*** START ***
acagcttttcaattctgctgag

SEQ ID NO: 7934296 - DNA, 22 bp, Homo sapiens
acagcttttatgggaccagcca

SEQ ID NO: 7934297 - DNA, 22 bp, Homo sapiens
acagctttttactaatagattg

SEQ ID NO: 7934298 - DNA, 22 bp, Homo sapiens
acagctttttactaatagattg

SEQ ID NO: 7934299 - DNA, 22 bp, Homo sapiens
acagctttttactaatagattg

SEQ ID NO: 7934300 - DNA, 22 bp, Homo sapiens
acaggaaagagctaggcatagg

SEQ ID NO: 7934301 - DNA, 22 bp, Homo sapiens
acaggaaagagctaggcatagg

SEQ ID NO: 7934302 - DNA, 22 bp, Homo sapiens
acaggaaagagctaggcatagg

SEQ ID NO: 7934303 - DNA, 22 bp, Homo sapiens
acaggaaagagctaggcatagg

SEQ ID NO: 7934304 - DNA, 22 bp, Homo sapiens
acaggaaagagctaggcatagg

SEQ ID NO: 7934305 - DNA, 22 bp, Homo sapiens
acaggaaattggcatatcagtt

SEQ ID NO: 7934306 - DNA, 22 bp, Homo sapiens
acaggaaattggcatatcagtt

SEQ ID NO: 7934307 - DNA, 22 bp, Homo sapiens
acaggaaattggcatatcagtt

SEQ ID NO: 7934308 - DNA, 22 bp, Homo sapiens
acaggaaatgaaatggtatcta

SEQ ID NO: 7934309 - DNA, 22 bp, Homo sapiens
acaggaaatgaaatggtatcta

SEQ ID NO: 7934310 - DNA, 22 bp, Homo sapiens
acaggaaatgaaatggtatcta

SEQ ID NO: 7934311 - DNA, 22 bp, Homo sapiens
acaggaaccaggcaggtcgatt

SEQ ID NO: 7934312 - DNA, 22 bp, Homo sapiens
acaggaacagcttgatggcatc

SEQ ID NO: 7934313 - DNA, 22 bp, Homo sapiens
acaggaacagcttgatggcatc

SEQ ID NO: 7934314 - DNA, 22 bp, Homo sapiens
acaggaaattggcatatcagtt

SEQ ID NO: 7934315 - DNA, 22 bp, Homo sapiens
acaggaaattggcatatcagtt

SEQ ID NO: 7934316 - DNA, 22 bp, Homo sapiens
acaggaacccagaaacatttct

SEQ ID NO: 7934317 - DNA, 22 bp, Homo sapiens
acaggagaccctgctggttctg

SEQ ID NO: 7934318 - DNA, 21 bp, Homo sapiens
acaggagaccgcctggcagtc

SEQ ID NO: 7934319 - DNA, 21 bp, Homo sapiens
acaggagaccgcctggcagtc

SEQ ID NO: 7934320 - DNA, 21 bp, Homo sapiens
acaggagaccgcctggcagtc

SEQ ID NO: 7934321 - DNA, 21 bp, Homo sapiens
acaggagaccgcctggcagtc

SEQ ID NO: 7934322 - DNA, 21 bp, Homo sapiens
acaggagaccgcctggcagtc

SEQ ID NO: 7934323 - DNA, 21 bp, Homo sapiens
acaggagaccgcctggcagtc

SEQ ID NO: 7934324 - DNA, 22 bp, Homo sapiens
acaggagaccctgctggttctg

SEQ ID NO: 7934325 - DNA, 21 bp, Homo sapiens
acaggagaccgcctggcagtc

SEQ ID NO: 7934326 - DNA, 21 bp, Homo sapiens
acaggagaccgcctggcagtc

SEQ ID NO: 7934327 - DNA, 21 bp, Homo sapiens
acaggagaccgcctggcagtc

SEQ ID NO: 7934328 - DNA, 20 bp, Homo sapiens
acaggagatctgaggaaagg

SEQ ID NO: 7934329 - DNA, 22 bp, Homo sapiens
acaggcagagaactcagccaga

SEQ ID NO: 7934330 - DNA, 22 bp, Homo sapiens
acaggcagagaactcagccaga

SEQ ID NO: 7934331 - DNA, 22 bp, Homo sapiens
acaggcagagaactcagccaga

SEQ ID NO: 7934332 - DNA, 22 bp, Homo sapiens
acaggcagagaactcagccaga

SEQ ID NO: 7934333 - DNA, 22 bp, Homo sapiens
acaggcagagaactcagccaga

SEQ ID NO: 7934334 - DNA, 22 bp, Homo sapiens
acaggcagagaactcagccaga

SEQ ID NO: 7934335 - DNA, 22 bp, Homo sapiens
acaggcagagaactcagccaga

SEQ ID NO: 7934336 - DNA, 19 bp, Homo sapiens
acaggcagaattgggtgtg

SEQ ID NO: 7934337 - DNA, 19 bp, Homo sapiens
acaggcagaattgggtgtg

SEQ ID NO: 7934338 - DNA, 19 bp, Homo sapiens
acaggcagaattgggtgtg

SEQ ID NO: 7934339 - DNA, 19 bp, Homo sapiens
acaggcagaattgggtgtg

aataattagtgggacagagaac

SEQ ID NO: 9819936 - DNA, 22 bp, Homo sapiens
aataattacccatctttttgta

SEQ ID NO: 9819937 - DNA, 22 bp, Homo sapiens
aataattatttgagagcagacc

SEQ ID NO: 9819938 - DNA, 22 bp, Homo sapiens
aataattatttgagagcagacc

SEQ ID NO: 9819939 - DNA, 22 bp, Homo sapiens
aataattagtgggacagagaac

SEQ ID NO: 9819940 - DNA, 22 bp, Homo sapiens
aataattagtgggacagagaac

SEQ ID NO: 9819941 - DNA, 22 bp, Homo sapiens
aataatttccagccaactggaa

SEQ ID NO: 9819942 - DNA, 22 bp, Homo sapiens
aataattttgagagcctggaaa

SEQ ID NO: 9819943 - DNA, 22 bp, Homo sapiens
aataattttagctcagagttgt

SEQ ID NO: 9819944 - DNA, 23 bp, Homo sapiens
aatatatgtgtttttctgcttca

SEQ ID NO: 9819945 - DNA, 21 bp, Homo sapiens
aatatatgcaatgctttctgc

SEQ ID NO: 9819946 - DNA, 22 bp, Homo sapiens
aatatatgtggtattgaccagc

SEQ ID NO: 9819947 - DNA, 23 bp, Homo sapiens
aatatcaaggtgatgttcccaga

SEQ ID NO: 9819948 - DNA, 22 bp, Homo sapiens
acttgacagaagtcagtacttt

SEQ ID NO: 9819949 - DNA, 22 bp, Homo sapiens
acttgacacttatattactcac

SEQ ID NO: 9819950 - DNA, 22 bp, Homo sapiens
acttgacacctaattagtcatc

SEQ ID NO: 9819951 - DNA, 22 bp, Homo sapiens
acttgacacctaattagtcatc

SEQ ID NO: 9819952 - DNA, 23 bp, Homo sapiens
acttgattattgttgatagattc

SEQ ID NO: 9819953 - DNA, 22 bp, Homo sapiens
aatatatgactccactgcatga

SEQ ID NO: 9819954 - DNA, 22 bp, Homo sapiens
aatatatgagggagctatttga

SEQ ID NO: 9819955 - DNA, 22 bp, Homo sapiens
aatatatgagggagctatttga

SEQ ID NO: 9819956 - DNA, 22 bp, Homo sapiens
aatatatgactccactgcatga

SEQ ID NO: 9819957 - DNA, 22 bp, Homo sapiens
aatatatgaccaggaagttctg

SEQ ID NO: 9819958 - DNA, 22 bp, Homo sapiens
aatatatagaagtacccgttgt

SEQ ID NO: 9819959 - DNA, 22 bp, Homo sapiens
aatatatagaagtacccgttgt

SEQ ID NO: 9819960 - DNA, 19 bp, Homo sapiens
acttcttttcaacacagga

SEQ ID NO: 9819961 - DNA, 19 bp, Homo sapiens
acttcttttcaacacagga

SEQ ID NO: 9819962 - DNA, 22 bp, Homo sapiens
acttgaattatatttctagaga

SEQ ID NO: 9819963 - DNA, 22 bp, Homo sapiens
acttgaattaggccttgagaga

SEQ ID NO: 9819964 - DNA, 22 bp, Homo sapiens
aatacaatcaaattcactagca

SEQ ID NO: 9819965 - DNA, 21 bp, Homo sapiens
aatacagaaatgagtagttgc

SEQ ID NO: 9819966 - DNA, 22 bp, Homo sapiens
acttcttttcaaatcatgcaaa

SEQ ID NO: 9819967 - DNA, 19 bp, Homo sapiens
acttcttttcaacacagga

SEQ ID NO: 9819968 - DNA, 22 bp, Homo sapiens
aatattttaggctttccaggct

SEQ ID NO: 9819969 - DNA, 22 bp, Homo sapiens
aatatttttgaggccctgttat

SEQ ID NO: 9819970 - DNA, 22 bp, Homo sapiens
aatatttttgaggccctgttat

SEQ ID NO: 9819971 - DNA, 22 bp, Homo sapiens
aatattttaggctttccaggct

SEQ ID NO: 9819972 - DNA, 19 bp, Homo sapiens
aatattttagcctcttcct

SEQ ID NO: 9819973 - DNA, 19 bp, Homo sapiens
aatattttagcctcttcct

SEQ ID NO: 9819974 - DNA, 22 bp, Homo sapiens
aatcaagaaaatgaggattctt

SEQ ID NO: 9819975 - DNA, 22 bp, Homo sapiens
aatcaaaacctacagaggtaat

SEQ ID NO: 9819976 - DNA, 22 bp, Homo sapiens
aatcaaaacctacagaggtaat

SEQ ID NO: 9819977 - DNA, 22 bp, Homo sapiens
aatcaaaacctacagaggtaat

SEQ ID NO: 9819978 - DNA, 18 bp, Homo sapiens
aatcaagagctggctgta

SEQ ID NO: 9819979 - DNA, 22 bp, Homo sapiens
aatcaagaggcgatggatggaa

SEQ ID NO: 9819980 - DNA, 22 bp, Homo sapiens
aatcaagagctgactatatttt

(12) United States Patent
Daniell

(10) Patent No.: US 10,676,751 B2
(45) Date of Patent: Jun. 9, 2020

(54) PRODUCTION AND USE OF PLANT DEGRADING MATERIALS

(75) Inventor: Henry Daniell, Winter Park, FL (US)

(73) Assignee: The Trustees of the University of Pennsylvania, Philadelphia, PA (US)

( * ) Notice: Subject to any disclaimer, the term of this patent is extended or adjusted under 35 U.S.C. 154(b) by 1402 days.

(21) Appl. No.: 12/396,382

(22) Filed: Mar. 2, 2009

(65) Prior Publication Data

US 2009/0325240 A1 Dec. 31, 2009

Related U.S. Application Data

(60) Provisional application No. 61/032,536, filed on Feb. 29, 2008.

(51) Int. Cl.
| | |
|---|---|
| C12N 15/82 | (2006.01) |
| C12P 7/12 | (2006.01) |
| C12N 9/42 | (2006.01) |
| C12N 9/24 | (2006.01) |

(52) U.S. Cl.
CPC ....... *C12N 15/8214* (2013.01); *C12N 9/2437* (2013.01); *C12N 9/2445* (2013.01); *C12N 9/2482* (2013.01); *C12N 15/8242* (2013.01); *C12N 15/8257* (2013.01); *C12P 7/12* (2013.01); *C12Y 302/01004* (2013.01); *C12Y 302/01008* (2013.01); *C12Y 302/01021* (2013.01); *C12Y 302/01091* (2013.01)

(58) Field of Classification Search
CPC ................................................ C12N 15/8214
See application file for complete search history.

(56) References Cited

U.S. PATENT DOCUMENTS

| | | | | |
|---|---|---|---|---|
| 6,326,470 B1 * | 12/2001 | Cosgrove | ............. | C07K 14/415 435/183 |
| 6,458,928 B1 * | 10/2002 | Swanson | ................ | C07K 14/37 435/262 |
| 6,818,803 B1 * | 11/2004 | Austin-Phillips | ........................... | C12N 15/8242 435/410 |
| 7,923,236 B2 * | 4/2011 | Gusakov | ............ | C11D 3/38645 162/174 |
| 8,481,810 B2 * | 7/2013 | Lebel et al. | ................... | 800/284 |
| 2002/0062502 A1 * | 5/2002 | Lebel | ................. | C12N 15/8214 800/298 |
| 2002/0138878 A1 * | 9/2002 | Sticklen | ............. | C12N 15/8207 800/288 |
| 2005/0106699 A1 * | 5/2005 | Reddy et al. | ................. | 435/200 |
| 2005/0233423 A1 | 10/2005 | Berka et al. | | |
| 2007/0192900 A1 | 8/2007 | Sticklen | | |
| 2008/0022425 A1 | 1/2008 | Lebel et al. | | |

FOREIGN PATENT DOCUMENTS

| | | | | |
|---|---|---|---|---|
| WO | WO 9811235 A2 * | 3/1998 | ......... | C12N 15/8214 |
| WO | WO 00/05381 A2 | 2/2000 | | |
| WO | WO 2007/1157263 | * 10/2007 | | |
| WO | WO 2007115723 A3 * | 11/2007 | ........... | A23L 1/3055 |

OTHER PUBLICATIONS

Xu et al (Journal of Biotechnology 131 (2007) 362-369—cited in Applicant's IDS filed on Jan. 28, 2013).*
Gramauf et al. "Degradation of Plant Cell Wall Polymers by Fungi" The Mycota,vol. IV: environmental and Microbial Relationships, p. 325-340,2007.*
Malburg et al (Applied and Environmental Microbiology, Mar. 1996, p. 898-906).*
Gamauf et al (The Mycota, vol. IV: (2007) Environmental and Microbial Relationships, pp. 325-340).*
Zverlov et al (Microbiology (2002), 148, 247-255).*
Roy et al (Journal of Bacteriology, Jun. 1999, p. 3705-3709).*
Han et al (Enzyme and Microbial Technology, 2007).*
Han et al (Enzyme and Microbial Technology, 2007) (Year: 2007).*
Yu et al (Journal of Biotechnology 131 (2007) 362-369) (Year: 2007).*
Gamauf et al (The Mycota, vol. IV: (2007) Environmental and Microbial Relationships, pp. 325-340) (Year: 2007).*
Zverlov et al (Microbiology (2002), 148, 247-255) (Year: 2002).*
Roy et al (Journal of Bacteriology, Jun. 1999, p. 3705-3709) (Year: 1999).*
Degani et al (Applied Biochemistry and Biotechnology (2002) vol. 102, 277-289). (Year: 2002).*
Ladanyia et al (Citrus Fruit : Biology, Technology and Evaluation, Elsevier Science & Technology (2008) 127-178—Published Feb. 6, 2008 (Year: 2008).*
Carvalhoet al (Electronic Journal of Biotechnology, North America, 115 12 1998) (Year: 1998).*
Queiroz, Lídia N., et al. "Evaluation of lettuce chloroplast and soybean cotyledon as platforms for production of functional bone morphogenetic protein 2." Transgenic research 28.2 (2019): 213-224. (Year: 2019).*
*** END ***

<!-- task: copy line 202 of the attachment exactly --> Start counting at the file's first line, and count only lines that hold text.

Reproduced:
(52) U.S. Cl.